Poverty, education task force seeks public input

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A provincial group tasked with investigating the link between poverty and student outcomes in Manitoba is seeking input from both pupils and members of the public.

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This article was published 17/02/2022 (292 days ago), so information in it may no longer be current.

A provincial group tasked with investigating the link between poverty and student outcomes in Manitoba is seeking input from both pupils and members of the public.

Education Minister Wayne Ewasko announced Thursday the provincial task force on poverty and education, which began work around the time the 2021-22 school year got underway in autumn, is launching consultations to better understand how poverty affects youth and their education.

“Listening to and consulting with those who have lived experience with poverty is integral to this conversation, and will shape the recommendations for the government’s strategy on poverty as it relates to equity in education,” Ewasko said in a prepared release.

MIKE DEAL / FREE PRESS FILESManitoba Education and Early Childhood Learning Minister Wayne Ewasko.

Upcoming consultations will include conversations with high schoolers who will be asked to share their perspectives through a variety of creative or traditional approaches including songs, poems, videos, comics, art, dance, essays, letters, short stories or social media.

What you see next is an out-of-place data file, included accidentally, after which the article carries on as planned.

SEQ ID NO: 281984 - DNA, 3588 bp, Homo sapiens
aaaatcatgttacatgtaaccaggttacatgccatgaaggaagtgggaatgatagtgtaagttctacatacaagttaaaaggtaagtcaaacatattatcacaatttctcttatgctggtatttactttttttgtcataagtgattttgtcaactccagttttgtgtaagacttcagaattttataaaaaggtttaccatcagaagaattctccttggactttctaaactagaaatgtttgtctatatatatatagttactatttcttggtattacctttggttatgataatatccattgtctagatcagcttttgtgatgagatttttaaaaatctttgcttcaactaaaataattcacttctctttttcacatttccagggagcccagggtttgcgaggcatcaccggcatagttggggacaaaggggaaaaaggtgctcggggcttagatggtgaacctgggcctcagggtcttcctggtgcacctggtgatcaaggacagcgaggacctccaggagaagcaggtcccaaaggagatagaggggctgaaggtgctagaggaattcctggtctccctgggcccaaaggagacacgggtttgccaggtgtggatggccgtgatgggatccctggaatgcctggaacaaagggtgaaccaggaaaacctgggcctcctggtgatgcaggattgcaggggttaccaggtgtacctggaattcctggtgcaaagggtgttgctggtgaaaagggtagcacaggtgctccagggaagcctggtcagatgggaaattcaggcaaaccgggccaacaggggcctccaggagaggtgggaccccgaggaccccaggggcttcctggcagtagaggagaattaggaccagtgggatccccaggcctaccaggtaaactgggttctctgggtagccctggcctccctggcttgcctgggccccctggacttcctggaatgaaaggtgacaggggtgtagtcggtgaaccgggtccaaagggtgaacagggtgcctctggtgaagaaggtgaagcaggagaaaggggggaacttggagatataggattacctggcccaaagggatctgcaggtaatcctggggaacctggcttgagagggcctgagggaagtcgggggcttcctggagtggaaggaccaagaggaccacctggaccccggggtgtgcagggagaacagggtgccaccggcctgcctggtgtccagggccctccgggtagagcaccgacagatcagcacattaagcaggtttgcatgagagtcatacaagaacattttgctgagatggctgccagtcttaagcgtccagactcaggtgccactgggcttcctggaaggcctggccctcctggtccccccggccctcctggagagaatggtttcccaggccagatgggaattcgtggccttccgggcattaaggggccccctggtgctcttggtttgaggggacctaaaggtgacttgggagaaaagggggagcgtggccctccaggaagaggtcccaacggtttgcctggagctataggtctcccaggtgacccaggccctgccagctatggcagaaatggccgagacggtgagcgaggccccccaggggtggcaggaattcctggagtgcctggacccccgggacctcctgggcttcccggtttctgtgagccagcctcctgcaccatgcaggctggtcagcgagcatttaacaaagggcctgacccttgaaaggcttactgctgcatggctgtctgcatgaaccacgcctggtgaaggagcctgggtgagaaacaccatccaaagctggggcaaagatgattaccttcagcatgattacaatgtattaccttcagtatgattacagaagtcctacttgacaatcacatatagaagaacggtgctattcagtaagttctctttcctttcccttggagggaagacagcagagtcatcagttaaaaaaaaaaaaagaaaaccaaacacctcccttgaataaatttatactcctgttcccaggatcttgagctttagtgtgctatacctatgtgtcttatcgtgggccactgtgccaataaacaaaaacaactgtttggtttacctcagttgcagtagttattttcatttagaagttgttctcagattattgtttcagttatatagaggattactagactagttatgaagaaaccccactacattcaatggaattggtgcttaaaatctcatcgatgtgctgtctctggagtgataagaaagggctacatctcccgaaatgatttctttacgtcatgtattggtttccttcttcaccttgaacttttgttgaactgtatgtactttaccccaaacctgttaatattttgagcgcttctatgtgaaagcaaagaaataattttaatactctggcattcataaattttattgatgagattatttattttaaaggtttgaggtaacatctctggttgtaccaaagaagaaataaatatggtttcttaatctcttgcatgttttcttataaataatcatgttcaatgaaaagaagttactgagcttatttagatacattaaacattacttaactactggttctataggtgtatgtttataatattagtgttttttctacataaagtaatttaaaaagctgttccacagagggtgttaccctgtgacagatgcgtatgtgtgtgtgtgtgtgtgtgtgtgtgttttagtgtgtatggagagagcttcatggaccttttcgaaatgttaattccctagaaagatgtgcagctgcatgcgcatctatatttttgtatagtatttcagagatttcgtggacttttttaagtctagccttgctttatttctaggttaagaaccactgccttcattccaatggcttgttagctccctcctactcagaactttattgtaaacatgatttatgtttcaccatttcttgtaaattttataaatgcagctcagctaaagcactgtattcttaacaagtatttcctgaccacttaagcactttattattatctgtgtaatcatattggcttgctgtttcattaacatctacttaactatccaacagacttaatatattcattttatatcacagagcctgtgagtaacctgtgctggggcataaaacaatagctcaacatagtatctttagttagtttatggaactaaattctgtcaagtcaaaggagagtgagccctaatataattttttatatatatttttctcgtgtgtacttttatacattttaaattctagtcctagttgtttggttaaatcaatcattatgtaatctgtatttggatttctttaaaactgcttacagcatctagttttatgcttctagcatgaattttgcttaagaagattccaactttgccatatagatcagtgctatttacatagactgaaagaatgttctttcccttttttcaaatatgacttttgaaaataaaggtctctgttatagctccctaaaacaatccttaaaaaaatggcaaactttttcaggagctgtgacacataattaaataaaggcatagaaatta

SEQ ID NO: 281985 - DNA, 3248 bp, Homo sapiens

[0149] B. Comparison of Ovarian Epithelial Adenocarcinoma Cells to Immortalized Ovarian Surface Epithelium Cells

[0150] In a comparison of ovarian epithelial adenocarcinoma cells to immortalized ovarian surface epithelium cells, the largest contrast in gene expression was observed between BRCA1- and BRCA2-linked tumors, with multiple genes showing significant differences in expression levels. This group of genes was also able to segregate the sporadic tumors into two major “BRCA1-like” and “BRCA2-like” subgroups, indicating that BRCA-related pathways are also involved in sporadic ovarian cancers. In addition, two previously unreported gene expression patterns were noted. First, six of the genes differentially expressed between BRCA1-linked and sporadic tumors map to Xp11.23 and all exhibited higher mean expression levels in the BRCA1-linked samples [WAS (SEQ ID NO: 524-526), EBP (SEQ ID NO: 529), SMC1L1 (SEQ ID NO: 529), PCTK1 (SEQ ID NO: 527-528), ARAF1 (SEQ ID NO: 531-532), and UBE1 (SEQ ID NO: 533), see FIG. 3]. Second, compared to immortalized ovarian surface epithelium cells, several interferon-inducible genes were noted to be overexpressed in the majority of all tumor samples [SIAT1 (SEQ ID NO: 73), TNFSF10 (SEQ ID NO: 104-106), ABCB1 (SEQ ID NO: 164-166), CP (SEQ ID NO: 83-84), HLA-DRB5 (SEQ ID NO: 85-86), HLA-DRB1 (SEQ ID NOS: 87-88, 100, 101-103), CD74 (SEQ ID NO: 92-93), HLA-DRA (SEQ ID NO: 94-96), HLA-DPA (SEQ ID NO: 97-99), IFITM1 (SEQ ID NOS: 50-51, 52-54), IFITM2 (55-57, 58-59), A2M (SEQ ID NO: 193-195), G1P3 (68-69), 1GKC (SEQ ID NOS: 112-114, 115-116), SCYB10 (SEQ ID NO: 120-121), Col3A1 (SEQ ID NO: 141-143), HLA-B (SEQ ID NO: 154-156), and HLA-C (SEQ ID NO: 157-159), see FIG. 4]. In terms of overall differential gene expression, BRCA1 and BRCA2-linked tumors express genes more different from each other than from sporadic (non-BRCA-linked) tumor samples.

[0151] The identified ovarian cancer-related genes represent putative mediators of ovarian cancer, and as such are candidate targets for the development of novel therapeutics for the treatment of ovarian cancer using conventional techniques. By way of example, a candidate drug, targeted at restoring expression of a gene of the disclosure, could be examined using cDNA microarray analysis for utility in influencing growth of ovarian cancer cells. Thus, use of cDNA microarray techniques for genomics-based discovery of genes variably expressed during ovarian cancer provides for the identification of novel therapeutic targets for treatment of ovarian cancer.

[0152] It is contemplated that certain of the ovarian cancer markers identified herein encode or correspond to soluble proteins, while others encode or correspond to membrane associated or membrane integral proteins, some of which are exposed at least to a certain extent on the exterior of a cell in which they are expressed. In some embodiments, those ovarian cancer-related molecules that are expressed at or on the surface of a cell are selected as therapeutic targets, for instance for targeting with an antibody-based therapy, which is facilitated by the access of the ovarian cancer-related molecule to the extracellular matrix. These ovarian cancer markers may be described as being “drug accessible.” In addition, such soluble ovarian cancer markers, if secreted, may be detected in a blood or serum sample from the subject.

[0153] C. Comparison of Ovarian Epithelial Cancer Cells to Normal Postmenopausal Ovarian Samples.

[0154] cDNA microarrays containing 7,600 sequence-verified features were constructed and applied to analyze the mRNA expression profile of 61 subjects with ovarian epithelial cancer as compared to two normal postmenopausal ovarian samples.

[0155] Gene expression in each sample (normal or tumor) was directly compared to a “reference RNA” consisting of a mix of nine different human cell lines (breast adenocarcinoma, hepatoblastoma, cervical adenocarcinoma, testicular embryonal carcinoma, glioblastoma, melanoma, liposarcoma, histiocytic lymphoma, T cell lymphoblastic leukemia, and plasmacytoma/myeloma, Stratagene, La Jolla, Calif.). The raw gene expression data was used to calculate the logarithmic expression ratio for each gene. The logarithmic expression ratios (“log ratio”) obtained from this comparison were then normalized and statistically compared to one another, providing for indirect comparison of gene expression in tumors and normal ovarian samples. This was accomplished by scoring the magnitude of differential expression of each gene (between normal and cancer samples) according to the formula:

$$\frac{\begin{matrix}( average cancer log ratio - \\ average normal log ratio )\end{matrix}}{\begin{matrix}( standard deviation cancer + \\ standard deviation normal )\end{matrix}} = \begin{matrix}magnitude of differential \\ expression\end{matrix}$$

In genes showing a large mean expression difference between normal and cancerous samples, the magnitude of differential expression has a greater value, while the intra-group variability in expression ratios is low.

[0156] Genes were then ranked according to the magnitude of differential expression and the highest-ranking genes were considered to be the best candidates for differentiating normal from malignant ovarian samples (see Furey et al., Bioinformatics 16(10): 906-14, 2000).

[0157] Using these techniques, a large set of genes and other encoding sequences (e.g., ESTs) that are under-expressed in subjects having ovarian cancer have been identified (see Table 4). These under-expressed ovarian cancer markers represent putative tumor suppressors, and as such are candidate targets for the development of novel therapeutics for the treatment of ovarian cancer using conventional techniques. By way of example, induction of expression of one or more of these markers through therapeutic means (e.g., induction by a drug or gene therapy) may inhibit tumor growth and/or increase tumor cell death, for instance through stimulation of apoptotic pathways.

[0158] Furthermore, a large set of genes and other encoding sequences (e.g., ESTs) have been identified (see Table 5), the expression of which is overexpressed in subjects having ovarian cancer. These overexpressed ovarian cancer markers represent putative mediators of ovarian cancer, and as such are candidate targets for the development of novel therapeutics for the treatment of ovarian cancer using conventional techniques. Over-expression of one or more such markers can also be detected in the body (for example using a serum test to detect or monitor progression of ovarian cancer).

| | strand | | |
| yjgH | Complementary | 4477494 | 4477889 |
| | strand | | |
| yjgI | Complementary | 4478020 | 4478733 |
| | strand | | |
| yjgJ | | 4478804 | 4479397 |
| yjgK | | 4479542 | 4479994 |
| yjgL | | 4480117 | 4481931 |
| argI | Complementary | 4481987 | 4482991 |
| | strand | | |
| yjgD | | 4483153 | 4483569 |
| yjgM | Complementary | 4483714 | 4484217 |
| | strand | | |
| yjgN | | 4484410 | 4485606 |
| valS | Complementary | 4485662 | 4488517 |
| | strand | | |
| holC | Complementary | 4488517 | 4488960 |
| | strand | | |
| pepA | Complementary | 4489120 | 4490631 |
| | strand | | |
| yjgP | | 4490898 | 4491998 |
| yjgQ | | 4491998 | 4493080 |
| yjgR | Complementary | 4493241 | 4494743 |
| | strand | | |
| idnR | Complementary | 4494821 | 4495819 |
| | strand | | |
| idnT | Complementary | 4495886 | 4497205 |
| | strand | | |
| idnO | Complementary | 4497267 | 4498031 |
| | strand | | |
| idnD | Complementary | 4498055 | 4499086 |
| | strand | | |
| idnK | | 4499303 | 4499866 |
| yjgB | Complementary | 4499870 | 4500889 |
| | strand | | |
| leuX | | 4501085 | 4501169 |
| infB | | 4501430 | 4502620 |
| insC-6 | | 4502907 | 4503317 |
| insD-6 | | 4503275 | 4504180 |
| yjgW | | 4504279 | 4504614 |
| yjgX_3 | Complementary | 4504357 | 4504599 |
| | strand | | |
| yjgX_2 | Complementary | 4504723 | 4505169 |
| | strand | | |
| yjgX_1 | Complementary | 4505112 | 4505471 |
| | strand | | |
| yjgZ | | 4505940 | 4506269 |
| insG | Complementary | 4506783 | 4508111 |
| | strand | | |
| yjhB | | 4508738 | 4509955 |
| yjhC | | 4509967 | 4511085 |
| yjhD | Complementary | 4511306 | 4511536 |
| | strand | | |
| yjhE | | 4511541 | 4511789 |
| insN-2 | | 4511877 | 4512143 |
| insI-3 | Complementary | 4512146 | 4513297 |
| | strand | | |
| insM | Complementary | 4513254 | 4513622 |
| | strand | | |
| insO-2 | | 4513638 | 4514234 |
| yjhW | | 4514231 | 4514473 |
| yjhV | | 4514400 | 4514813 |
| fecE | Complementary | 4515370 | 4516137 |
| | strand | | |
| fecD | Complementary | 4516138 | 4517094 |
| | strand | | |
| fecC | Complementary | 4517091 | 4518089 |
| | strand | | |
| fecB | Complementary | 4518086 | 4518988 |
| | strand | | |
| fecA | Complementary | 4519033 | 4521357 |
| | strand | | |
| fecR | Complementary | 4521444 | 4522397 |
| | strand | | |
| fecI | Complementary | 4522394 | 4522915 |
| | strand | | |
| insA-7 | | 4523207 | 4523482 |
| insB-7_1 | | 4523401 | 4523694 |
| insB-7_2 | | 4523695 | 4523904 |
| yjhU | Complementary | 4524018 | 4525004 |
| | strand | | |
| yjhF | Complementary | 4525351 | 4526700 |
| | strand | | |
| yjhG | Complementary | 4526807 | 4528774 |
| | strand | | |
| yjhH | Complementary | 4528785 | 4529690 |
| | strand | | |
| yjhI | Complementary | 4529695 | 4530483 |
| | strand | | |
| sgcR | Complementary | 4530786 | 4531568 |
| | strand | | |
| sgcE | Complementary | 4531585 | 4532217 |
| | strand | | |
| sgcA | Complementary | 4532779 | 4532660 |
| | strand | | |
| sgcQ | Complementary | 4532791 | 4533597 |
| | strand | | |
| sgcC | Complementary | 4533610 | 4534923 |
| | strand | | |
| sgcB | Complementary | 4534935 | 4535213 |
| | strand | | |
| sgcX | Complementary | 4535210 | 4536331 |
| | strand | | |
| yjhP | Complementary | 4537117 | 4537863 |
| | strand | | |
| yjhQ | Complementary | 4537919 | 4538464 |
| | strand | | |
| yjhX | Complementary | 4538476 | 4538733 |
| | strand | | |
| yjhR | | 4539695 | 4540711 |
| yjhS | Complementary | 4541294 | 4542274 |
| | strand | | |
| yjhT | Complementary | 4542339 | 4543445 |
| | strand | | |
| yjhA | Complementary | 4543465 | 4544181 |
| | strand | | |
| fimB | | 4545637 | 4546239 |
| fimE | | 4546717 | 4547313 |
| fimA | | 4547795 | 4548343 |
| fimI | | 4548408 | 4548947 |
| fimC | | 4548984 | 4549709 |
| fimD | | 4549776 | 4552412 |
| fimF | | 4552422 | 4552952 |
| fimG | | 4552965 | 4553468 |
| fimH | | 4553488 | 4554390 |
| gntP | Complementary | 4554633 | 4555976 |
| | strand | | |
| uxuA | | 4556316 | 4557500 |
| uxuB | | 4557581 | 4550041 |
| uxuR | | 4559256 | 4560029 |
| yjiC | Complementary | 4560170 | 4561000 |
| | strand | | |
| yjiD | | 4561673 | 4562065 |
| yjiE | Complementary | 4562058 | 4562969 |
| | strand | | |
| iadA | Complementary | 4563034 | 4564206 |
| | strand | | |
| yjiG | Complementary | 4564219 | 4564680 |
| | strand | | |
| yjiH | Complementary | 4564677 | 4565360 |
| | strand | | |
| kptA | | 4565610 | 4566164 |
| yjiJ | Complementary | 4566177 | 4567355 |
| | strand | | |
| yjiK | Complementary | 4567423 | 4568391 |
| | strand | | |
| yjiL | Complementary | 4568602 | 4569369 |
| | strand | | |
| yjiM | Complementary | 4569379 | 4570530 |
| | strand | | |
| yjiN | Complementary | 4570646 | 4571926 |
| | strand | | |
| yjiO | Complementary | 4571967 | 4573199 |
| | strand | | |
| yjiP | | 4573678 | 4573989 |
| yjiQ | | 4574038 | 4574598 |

The task force will also seek input from expert engagement panels, invite submissions from stakeholders and members of the public, and hold targeted engagement sessions in the spring.

Ewasko met with the chairpersons of the group to discuss shared priorities and goals earlier this week, according to the release.

The group’s findings, action ideas included, will be brought forward to the poverty reduction committee of cabinet.

Members of the task force are also collaborating with the Manitoba Centre for Health Policy to understand the depth of poverty across communities in Manitoba.

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